Playing Wii Helps Doctors Become Better SurgeonsMain Category: Medical Students / Training
Article Date: 01 Mar 2013
Paying Wii helps doctors become better surgeons by improving certain aspects of their performance on laparoscopic procedures.
The finding came from a new study conducted by Gregorio Patrizi and a team from the University of Rome, Italy and was published in the journal PLOS ONE.
Many reports aim to assess and improve training for surgeons outside of the operating room because of the technical skills necessary to perform laparascopic procedures.
A report published in BMC Medical Education indicated that most medical students believe that video games and virtual reality environments can help them become better doctors.
Prior research has evaluated how hand-eye coordination and spatial attention is impacted by playing video games.
The investigators in the current study combined these two aspects by analyzing how the laparoscopic skills of forty-two post-graduate residents in the first or second year of their surgical training were affected by a four-week training regimen on the Nintendo® Wii.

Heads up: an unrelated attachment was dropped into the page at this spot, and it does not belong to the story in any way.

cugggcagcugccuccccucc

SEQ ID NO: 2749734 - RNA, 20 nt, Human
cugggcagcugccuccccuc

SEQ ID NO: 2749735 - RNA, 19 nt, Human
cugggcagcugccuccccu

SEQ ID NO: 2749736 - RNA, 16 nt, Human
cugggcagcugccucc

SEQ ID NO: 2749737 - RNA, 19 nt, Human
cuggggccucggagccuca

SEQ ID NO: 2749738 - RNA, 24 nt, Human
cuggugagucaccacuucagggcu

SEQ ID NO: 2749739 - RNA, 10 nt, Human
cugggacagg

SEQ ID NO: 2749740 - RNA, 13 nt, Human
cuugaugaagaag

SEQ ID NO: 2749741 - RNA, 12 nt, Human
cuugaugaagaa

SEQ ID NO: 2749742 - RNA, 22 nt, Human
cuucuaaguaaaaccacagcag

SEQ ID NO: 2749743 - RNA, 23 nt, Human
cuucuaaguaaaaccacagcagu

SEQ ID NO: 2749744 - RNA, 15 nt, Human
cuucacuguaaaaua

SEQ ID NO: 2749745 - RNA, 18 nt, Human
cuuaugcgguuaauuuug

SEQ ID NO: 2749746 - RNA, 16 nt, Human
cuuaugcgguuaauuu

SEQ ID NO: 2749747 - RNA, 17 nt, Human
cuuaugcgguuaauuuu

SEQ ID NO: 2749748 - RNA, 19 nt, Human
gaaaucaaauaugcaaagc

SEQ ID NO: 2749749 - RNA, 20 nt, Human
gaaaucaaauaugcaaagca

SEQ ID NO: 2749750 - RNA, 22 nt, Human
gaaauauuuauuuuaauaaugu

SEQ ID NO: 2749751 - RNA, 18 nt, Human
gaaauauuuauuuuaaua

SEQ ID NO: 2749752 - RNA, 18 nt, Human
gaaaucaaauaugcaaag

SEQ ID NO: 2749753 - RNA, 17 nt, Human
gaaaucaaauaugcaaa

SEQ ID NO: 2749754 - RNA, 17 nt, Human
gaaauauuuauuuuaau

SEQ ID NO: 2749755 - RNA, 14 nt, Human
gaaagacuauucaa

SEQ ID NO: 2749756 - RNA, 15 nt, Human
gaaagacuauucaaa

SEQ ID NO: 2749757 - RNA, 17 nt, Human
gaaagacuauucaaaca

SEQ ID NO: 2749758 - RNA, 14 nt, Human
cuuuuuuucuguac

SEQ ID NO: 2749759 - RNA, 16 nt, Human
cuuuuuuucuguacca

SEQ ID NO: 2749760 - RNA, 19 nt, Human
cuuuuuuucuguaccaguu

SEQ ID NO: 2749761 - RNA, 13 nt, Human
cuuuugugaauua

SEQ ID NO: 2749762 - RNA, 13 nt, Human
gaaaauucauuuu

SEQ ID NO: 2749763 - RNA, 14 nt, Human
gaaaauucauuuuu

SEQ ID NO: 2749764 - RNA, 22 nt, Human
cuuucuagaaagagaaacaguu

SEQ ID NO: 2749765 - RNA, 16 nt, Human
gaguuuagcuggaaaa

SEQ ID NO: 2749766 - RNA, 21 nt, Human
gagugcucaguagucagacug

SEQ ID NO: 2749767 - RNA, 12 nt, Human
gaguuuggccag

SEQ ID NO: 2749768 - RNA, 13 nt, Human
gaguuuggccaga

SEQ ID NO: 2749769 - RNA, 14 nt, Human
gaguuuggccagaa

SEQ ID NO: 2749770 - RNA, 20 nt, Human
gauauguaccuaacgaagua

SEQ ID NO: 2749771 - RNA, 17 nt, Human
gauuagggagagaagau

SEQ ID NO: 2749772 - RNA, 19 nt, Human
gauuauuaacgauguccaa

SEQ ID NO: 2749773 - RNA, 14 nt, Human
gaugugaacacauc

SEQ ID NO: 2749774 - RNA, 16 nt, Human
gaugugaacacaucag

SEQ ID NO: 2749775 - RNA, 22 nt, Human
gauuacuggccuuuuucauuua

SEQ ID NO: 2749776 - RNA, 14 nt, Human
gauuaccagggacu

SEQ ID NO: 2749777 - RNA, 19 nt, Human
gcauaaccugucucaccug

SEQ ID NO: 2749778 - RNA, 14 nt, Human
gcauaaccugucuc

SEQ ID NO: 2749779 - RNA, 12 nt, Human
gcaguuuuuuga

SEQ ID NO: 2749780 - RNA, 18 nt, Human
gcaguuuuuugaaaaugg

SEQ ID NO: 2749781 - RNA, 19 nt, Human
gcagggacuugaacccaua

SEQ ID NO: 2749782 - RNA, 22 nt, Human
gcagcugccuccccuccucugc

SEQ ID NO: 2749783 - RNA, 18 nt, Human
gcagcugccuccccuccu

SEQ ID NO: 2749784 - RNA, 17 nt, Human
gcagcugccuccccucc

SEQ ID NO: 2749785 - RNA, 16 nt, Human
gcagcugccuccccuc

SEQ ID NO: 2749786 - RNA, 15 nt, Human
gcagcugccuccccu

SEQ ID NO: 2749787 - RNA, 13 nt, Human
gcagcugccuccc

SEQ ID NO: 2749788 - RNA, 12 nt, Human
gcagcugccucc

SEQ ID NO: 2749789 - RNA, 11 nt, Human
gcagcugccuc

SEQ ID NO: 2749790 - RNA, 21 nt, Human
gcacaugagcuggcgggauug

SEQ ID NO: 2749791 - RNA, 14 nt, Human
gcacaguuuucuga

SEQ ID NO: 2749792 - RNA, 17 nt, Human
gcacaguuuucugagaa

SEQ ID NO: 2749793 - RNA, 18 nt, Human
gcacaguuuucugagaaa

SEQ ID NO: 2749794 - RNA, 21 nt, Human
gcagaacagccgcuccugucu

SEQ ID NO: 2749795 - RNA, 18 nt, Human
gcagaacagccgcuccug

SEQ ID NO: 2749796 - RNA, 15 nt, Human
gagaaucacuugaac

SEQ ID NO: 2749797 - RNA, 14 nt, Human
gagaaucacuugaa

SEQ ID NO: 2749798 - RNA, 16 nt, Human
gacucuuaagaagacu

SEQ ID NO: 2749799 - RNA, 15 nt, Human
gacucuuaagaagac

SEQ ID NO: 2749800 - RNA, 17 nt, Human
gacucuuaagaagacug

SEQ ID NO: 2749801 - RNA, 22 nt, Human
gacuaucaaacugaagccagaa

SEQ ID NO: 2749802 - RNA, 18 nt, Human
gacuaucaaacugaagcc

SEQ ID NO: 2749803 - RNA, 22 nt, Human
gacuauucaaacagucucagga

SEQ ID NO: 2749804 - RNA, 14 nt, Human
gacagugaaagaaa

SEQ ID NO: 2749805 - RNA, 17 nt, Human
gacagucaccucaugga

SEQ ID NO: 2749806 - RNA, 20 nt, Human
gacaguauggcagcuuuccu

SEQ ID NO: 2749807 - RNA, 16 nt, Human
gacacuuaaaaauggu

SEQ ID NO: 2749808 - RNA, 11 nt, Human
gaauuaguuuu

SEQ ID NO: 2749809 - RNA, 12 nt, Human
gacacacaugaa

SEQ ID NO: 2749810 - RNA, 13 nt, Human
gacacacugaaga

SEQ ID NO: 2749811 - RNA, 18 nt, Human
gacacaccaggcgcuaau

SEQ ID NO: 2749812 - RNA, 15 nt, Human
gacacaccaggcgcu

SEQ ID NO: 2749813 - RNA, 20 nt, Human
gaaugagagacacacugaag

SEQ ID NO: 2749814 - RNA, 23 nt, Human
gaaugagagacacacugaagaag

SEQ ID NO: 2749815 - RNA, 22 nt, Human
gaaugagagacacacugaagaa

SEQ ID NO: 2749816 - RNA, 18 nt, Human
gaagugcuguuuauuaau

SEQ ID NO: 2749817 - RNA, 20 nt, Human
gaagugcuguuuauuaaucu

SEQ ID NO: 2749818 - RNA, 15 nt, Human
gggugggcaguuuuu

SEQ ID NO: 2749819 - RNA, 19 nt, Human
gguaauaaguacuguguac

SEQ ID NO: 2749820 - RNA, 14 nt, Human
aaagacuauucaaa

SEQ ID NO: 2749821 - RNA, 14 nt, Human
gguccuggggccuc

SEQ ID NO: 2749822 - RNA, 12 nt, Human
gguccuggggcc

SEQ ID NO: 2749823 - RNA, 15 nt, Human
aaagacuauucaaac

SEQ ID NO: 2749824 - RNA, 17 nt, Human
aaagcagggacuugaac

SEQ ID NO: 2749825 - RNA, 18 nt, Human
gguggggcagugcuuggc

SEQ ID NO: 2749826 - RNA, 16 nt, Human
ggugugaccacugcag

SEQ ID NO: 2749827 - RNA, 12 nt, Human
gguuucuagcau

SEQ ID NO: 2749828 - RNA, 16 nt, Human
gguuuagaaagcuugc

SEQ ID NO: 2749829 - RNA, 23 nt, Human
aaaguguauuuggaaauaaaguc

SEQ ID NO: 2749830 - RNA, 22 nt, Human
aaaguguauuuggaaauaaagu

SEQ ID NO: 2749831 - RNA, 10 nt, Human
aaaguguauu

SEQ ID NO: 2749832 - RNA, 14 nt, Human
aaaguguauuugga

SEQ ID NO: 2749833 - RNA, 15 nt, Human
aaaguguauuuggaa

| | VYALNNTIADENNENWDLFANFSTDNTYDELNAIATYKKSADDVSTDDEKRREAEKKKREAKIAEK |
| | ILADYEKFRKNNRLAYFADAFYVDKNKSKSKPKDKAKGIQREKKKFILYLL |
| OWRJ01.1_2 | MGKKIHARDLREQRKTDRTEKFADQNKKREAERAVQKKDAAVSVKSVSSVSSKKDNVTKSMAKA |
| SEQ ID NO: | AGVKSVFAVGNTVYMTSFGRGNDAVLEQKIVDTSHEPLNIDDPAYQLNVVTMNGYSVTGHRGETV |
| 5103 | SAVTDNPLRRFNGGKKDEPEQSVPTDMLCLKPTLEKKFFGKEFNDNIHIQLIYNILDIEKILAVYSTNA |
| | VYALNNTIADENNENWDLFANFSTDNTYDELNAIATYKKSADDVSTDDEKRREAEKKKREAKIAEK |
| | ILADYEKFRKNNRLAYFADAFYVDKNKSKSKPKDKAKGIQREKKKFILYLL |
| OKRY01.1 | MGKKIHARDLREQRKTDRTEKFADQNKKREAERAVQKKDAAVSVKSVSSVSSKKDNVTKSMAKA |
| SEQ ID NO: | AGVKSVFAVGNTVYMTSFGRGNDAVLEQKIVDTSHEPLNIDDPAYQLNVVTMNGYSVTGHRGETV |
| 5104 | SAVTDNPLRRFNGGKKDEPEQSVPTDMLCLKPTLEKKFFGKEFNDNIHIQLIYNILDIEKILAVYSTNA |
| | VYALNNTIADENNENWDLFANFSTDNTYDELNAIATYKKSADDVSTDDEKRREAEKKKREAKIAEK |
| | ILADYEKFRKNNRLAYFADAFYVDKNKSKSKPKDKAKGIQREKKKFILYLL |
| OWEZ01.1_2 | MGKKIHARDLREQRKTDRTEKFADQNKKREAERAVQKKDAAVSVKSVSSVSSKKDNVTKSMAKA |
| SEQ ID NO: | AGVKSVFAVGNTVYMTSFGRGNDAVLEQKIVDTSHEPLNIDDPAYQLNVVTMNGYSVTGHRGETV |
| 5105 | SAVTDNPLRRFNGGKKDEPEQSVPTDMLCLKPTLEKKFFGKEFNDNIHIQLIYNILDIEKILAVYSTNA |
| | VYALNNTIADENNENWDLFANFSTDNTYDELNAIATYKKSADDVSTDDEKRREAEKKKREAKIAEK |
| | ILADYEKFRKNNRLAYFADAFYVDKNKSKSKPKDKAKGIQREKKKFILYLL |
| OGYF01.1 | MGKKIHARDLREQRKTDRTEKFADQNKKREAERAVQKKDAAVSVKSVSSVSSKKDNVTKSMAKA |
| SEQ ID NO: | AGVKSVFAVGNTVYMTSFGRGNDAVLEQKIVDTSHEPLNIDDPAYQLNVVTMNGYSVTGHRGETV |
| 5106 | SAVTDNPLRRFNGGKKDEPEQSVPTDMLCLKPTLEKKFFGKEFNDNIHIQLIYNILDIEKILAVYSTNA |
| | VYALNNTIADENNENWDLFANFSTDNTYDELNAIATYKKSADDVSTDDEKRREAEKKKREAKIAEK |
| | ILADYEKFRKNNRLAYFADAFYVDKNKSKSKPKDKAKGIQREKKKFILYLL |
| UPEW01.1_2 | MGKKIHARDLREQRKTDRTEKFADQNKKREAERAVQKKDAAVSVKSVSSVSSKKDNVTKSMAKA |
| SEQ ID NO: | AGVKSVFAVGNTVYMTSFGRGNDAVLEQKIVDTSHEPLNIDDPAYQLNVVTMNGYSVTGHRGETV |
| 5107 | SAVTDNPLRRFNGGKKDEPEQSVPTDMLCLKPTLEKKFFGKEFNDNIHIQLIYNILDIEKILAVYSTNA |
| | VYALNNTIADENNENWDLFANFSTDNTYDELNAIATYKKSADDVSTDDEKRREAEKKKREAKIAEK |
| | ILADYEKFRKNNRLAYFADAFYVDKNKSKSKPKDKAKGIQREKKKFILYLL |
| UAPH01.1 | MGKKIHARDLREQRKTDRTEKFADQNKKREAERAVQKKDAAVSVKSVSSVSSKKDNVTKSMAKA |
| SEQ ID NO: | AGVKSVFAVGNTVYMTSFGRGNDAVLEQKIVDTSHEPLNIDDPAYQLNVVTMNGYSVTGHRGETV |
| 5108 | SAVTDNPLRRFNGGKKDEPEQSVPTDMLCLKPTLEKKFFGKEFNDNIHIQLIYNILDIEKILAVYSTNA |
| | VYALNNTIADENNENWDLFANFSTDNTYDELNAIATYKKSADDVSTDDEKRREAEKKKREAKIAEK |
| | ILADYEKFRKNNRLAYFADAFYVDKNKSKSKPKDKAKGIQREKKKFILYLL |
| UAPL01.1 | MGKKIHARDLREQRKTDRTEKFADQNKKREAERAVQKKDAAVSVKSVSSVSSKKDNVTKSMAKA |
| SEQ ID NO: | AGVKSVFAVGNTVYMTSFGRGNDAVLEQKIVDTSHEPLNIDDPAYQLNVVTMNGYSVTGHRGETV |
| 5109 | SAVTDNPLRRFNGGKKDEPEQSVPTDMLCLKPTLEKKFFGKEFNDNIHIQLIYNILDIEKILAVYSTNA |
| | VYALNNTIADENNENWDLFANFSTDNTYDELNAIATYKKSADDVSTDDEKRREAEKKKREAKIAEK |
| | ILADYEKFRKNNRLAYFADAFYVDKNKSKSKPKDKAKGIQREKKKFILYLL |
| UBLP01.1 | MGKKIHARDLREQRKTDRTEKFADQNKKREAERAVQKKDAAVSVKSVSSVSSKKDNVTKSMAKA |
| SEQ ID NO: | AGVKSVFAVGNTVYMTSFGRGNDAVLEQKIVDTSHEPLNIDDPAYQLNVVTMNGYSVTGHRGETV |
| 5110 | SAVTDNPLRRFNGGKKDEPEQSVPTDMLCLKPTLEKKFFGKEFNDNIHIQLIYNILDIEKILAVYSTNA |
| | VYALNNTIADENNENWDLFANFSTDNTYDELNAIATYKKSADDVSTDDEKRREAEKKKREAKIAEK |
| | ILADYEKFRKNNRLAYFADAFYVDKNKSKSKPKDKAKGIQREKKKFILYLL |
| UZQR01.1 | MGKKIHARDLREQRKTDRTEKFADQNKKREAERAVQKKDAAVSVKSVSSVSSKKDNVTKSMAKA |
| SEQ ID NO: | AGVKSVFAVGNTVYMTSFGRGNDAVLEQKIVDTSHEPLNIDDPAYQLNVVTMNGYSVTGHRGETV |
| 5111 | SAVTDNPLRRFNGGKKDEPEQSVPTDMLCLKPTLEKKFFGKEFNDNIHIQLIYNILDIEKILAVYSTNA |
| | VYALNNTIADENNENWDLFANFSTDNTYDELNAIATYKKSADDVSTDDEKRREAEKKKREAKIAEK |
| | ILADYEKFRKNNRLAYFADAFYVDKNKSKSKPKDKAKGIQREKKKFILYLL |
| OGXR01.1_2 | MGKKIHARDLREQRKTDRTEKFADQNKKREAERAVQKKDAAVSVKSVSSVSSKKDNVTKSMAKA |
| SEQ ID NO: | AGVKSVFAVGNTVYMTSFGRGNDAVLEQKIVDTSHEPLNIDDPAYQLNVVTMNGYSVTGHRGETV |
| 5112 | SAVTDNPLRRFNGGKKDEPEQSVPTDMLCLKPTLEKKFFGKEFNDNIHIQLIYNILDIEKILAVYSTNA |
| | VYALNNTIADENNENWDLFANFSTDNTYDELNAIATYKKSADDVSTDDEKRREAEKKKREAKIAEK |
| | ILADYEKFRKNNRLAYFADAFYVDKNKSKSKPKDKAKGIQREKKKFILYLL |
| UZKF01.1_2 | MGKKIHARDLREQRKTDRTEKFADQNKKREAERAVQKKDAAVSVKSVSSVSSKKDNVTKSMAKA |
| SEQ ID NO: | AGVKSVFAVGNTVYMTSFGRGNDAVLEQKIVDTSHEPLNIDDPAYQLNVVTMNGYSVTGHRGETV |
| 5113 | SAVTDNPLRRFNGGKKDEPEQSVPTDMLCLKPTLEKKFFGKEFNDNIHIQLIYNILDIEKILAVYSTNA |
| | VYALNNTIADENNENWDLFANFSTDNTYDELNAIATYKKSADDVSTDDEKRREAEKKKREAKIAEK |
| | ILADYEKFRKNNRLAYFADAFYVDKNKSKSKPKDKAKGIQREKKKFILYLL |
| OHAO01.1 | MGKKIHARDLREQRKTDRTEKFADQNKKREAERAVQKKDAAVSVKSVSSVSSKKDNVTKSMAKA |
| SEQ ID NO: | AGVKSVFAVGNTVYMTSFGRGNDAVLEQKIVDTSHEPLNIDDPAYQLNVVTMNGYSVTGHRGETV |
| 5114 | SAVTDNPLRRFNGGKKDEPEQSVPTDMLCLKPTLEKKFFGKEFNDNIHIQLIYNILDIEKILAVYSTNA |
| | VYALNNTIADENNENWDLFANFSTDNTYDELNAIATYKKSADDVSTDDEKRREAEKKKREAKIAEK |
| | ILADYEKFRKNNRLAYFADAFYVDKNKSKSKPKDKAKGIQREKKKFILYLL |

The surgeons were divided into two groups: half were assigned to a training regimen on the Wii, which they played for an hour a day, five days a week, and the other half did not play Wii.
Those in the Wii group were allowed to play the following 3 games:
Results showed that there were improvements in the skills of all subjects over the four week period.
However, the surgeons who had been playing Wii demonstrated a notable improvement over the group in their performance on many particular metrics like efficient cautery and economy of instrument movements.
The authors concluded:
"The Nintendo® Wii might be helpful, inexpensive and entertaining part of the training of young laparoscopists, in addition to a standard surgical education based on simulators and the operating room."
Previous research showed that Nintendo Wii may help doctors interpret radiology exams. Scientists said that the Wii remote makes examining CT and MRI images more ergonomic.
Written by Sarah Glynn
Copyright: MediLexicon International Ltd
Original article posted on Medical News Today.
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